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First Chill: An extract

  • Published at 08:53 pm April 3rd, 2015
First Chill: An extract

The fog hangs in midair, thick as soup, obscuring everything more than ten feet away. Backlit by the golden afternoon sun, it is almost too bright to look at. Arbaab walks up and down the tracks, gauging the curves and stretches on the road. The manager of the place wrings his hands nervously as he talks to Bareesh, visibly torn between wanting to make a profit and worried about the consequences of letting these foolhardy “rich” kids race under such conditions.

There is a new girl in the gang, Sheena. With her blonde highlights and nose-ring and too-tight kameez, Arbaab has her pegged down for a ditz, a flavour-of-the-week kind of girl, and wonders how Bareesh will handle the situation when he’s tired of the taste. She keeps shooting nervous looks at him from under those ridiculous eyelashes that surely must be fake, licking her lips in a way that’s distracting. Narita would have … no, he is not going to think about her.

“It’s all set, dosto. We have till sunset, for five grand total. Oh, and we need to sign some forms so that he doesn’t get into trouble if we die.”

Bareesh smiles and winks at Sheena, all cocky bravado, but Arbaab notices him sneakily wiping his palms against his jeans. Poor Bareesh, the cautious one. Arbaab decides to give the big guy a break, and instead turns to the one other person crazy enough to go ahead with the plan. Zoheb. 3pm, and the kutta is already high as a kite, his pupils the size of dinner plates, hopping from foot to foot.

“Let’s go, man, lessgolessgolessgoooo!”

“Zo and I will go first. You and Rasel can keep Sheena company.”

Bareesh inclines his head ever so slightly to acknowledge the smooth move, but his eyes are worried. They’re not going to go all emo in front of the new chick, but he raises an eyebrow as if to dissuade the crazy khors from going through with it. Zoheb is already fiddling with his helmet and there is no more time for words.

The go-karts are sissyfied for family use, and can go up to 60mph max, but on a day like today, with the track slick from the mist, there is the added thrill of trying to get ahead without spinning out of control. Zoheb goes first, revs the engine and sets off. Arbaab snaps on his elbow pads, pulls down his helmet, and follows. Behind him, he can dimly hear Sheena cheering in that high-pitched woo-woo sound. This is replaced by the whine of the engine behind him as he slowly presses down on the gas to catch up.

A wet road causes tyres to lose traction. Without those forces to keep the wheels on the road, it’s easy to lose control. Arbaab has driven in worse weather, in actual rain. He bides his time, sticking to the middle of the road, using a light touch on brake and steering wheel to guide him past the curves. A car is only as good as its tyres in this situation, and Arbaab respects that. The state Zoheb is in, he’s bound to screw up sooner than later. All Arbaab has to do is wait. It’s something he’s good at.

He had gotten used to waiting for Narita at the coffee shop across from her workplace on Thursdays. It was her ritual, to grab a frappuccino after work, before heading back home, so he had made it his too. He would sit by the window, folding paper or bending paper clips until he spied her crossing the road, looking left and right before striding through an opening. She never rushed, clucking, like some of her colleagues did, on the days they accompanied her. Instead, she walked like she owned the road, her impressive behind swinging with every step.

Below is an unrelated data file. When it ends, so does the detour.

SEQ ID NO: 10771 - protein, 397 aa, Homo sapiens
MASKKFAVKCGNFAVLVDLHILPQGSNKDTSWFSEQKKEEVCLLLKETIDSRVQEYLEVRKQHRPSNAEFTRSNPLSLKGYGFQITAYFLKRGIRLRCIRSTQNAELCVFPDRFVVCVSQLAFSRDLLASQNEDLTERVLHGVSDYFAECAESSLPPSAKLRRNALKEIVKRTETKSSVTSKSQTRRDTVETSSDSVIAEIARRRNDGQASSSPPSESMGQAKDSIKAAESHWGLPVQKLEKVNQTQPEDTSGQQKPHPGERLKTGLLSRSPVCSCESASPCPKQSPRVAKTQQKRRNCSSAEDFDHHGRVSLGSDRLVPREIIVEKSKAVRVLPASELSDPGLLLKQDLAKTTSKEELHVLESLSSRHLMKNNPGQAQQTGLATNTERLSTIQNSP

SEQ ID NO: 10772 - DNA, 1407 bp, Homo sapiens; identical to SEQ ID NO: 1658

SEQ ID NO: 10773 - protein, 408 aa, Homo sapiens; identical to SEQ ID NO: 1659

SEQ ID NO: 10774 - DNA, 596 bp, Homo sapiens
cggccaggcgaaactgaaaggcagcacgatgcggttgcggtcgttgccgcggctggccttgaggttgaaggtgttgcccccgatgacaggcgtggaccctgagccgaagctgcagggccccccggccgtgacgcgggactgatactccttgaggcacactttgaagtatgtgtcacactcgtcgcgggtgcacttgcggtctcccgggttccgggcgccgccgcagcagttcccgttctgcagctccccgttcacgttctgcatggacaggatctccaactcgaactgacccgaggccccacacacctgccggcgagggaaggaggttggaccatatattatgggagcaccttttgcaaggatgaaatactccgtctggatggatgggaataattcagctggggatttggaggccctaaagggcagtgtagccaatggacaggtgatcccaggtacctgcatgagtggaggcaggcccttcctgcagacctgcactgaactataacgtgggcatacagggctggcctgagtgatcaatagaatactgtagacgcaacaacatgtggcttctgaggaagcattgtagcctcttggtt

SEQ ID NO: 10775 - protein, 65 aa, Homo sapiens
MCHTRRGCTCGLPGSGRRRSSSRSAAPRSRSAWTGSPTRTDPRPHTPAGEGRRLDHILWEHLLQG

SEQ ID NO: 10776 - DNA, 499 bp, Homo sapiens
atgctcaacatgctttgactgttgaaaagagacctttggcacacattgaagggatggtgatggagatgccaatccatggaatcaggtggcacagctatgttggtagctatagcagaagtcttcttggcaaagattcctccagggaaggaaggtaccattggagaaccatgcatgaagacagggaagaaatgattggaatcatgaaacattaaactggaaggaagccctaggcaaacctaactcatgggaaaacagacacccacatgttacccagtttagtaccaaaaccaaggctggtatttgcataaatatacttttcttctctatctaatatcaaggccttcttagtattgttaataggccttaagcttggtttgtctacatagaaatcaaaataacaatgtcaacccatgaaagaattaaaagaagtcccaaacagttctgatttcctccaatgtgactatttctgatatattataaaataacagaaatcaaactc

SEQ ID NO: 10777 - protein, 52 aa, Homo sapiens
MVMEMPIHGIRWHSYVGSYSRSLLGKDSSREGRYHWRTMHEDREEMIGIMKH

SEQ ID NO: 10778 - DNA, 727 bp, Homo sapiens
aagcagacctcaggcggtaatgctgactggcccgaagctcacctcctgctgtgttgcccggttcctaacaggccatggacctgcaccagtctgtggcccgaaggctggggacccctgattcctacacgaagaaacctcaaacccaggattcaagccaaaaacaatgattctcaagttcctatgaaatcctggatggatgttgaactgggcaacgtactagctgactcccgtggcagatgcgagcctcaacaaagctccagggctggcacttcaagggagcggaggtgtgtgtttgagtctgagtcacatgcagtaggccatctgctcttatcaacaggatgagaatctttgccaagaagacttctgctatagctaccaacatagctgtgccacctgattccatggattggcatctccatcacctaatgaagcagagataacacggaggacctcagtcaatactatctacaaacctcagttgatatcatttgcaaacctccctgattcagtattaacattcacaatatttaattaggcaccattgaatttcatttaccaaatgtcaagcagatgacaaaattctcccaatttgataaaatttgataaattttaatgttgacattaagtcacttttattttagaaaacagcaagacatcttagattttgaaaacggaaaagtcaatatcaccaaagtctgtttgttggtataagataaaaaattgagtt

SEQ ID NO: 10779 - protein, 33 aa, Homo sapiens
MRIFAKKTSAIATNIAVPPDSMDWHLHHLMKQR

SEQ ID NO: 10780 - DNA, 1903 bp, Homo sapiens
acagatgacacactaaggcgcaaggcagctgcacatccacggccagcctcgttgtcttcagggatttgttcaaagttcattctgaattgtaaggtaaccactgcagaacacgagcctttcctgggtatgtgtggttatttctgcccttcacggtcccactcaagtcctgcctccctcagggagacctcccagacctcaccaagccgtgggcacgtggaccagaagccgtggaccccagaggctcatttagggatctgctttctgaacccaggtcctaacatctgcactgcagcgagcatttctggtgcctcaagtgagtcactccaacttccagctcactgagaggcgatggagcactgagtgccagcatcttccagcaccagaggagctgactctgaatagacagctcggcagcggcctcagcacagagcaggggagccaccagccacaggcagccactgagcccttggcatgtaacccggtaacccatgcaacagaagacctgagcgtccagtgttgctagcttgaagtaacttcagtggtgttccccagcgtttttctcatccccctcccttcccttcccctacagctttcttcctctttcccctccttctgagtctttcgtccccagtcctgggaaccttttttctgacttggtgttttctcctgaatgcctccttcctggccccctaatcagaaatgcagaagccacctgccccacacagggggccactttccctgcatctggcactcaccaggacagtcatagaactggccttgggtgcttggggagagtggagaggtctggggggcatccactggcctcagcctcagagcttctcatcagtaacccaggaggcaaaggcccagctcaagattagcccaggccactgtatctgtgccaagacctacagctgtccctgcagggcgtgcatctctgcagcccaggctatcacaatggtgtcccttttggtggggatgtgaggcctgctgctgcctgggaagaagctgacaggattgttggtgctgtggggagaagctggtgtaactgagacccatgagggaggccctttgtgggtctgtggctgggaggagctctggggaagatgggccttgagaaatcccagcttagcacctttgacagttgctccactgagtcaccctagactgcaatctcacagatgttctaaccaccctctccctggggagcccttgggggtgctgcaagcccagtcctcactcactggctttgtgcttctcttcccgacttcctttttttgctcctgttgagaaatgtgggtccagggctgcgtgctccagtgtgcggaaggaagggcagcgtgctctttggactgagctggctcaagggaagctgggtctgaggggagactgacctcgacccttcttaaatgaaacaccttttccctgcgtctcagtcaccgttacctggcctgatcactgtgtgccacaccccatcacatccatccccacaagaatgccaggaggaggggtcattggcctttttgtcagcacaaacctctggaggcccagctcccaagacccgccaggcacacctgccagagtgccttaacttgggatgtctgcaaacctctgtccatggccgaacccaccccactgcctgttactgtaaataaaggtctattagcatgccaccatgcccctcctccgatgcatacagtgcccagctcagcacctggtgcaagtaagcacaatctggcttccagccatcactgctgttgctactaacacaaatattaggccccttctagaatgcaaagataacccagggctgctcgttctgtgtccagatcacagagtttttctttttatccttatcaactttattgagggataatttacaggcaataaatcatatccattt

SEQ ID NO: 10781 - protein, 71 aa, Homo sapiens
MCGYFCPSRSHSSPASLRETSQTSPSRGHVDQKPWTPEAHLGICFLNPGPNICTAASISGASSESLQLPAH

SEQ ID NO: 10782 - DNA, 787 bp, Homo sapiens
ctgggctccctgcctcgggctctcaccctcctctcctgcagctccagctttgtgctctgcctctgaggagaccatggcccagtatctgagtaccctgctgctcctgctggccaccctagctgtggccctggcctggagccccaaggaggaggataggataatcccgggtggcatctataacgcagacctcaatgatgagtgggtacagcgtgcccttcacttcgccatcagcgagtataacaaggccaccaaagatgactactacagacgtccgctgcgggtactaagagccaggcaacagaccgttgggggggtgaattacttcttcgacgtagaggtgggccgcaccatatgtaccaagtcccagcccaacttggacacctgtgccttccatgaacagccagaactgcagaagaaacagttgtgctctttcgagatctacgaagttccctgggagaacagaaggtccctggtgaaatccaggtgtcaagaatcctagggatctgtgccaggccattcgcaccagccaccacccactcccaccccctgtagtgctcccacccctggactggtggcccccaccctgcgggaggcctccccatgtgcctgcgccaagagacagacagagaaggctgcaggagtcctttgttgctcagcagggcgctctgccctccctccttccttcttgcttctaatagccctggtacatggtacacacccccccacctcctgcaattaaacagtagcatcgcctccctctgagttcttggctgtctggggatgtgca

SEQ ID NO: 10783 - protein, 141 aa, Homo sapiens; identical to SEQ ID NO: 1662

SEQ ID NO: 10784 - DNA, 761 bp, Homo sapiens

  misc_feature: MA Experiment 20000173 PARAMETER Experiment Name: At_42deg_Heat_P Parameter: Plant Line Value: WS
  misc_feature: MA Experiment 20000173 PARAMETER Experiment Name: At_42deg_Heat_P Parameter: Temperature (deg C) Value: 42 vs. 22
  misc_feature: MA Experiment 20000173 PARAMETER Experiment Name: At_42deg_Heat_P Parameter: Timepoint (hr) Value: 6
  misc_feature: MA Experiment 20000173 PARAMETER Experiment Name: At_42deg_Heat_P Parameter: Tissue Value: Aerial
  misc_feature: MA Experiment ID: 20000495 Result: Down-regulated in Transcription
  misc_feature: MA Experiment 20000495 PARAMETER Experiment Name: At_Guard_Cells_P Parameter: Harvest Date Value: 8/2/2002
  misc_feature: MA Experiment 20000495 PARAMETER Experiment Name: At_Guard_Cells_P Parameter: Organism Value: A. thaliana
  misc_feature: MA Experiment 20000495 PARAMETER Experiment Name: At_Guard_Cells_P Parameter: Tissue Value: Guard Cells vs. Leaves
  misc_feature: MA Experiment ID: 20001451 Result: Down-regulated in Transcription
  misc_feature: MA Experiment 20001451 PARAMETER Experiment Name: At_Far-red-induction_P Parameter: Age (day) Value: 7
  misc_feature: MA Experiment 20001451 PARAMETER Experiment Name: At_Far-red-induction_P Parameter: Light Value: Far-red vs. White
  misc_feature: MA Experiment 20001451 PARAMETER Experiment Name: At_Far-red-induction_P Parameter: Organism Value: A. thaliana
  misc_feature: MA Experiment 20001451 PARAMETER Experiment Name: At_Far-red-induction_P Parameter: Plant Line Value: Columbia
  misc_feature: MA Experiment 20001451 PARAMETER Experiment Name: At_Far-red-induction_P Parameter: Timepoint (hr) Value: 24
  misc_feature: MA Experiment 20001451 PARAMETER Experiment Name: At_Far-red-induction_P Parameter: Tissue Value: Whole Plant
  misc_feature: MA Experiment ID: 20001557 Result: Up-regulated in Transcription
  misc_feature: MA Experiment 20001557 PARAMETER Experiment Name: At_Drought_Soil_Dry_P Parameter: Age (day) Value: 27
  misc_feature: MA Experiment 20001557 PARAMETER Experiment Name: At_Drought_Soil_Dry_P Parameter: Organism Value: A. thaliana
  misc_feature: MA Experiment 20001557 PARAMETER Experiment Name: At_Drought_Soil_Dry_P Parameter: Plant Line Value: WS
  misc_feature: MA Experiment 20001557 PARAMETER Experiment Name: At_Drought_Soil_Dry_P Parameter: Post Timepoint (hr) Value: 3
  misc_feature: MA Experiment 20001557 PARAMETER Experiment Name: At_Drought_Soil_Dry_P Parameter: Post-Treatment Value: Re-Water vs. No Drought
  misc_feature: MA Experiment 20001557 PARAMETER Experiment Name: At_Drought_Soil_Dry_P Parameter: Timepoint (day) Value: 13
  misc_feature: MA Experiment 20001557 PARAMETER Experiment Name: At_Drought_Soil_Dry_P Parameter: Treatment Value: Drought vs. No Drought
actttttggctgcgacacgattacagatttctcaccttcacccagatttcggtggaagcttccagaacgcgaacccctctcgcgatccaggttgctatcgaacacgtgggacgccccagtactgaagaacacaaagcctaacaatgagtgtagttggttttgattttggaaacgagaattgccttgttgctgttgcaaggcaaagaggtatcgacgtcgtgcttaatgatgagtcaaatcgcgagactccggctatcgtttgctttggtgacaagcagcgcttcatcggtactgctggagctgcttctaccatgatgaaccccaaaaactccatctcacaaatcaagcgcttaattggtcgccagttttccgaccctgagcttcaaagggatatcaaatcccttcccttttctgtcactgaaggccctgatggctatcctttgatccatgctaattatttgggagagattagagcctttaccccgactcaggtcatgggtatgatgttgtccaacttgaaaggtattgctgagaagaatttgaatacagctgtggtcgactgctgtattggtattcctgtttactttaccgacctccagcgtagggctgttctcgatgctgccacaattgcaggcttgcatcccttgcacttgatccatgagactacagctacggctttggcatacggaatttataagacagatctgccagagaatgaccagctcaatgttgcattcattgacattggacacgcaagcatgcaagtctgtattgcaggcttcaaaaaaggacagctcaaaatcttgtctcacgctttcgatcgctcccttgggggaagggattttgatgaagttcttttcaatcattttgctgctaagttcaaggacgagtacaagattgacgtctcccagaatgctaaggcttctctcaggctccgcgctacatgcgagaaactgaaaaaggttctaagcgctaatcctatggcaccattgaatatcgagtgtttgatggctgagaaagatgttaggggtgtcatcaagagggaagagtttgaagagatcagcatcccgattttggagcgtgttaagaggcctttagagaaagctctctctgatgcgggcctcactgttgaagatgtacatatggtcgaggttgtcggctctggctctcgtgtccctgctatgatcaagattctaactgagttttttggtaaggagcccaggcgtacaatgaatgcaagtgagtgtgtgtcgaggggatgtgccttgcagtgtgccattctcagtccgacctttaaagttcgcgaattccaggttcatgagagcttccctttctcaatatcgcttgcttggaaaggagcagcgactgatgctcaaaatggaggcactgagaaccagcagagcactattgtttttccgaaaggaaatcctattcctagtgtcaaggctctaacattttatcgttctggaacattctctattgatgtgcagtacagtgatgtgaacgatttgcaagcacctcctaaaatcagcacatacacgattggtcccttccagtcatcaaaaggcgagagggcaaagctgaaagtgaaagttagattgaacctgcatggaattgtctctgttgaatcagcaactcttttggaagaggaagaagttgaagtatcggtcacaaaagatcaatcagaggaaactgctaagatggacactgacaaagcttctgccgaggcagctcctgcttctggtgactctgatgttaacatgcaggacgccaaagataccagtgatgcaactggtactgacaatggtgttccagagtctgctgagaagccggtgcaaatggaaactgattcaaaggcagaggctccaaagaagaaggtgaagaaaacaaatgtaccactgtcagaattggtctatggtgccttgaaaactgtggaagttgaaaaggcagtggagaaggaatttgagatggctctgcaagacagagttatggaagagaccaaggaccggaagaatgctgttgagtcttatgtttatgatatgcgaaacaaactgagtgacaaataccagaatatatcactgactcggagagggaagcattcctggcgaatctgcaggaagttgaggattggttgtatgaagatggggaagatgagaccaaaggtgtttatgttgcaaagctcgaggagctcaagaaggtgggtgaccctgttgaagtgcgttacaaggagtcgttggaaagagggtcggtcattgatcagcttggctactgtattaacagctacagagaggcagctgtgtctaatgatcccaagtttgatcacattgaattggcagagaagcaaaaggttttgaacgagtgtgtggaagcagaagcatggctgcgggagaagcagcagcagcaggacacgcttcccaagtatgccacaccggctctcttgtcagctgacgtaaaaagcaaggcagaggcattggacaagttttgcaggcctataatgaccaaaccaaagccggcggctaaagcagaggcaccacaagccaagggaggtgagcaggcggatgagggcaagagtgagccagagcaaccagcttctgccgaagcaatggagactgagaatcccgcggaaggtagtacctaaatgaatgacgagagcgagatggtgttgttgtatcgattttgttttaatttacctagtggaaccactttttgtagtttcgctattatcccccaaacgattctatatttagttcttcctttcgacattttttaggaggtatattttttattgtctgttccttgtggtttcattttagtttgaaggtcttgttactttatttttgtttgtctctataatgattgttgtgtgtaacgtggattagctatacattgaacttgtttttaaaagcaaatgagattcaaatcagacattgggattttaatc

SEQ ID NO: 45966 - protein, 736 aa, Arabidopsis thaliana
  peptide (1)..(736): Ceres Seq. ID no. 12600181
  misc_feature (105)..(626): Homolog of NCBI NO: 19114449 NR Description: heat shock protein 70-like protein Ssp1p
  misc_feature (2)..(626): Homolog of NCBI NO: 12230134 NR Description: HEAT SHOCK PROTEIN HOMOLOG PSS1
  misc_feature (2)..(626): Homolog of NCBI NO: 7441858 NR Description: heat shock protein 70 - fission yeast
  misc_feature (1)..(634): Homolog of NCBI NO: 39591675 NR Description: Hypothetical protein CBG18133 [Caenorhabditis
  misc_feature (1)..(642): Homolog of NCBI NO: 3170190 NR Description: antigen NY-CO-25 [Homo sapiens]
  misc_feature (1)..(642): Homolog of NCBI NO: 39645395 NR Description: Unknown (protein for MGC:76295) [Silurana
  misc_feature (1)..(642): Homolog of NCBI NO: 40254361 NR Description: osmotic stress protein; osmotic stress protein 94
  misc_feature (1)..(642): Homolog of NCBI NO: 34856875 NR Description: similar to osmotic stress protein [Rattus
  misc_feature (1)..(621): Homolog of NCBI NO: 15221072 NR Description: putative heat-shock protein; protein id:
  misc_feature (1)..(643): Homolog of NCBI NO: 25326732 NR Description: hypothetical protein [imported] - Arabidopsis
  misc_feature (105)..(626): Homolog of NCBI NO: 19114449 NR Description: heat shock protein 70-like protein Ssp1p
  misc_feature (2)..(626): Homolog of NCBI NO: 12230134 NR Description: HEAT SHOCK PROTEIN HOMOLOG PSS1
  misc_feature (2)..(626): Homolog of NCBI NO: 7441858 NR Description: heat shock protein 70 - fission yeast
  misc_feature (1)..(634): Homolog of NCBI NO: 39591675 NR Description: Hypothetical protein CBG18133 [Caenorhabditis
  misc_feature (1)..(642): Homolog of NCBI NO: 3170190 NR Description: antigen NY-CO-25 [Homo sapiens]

That Thursday, she didn’t come. He waited for an hour past the usual time, and then paid his bill and got up. He knew she hadn’t left her office building so she must still be at work. He thought of casually driving past, if for nothing else, for something to do.

He was just nearing the open gates of the entrance when he saw them exiting from the elevator. Narita and some guy in a polo shirt. He had his arm around her shoulder, and she was smiling up into his eyes, like he was one of those bloody heroes from those bloody novels she was always reading.

Zoheb loses control at the start of the second lap. His kart starts to skid when he takes the second curve, and he breaks the first rule of driving on wet roads by slamming the brakes. The kart goes spinning out of control until it hits the embankment made of spare tyres with a loud thump, which is half drowned-out by the stream of abuse pouring out from the driver’s seat. Arbaab grins to himself and gently nudges his own accelerator. This is his moment.

But Zoheb, that SOB isn’t as out of it as Arbaab would like to believe. He steps out of the kart, rights it by hand, hops back in and comes zooming down the circuit in hot pursuit, trying to make up for lost time. Arbaab tries to take the curve before he is overtaken, and his kart begins to hydroplane. He eases his foot off the brake, steering into the skid, trying to align the kart, but the idiot with the remote braking system makes the same mistake that Zo did, and the kart careens towards the curb.

The kart hits the wall of tyres and slides upwards, vertically, and only a loose tyre falling out from the embankment and sliding under the vehicle stops it from completely tipping over. The seatbelt holds Arbaab in place, but the force of the impact rocks his head back, and slams it against the headrest. His vision splinters and blurs as he slumps forward. Voices call out to him, muffled by the roar in his ears, like they are shouting through water. He blinks as a fuzzy female figure approaches, calling his name. For the briefest second, he imagines it is Narita, who has come seeking him at last. And then he sinks under the velvety dark.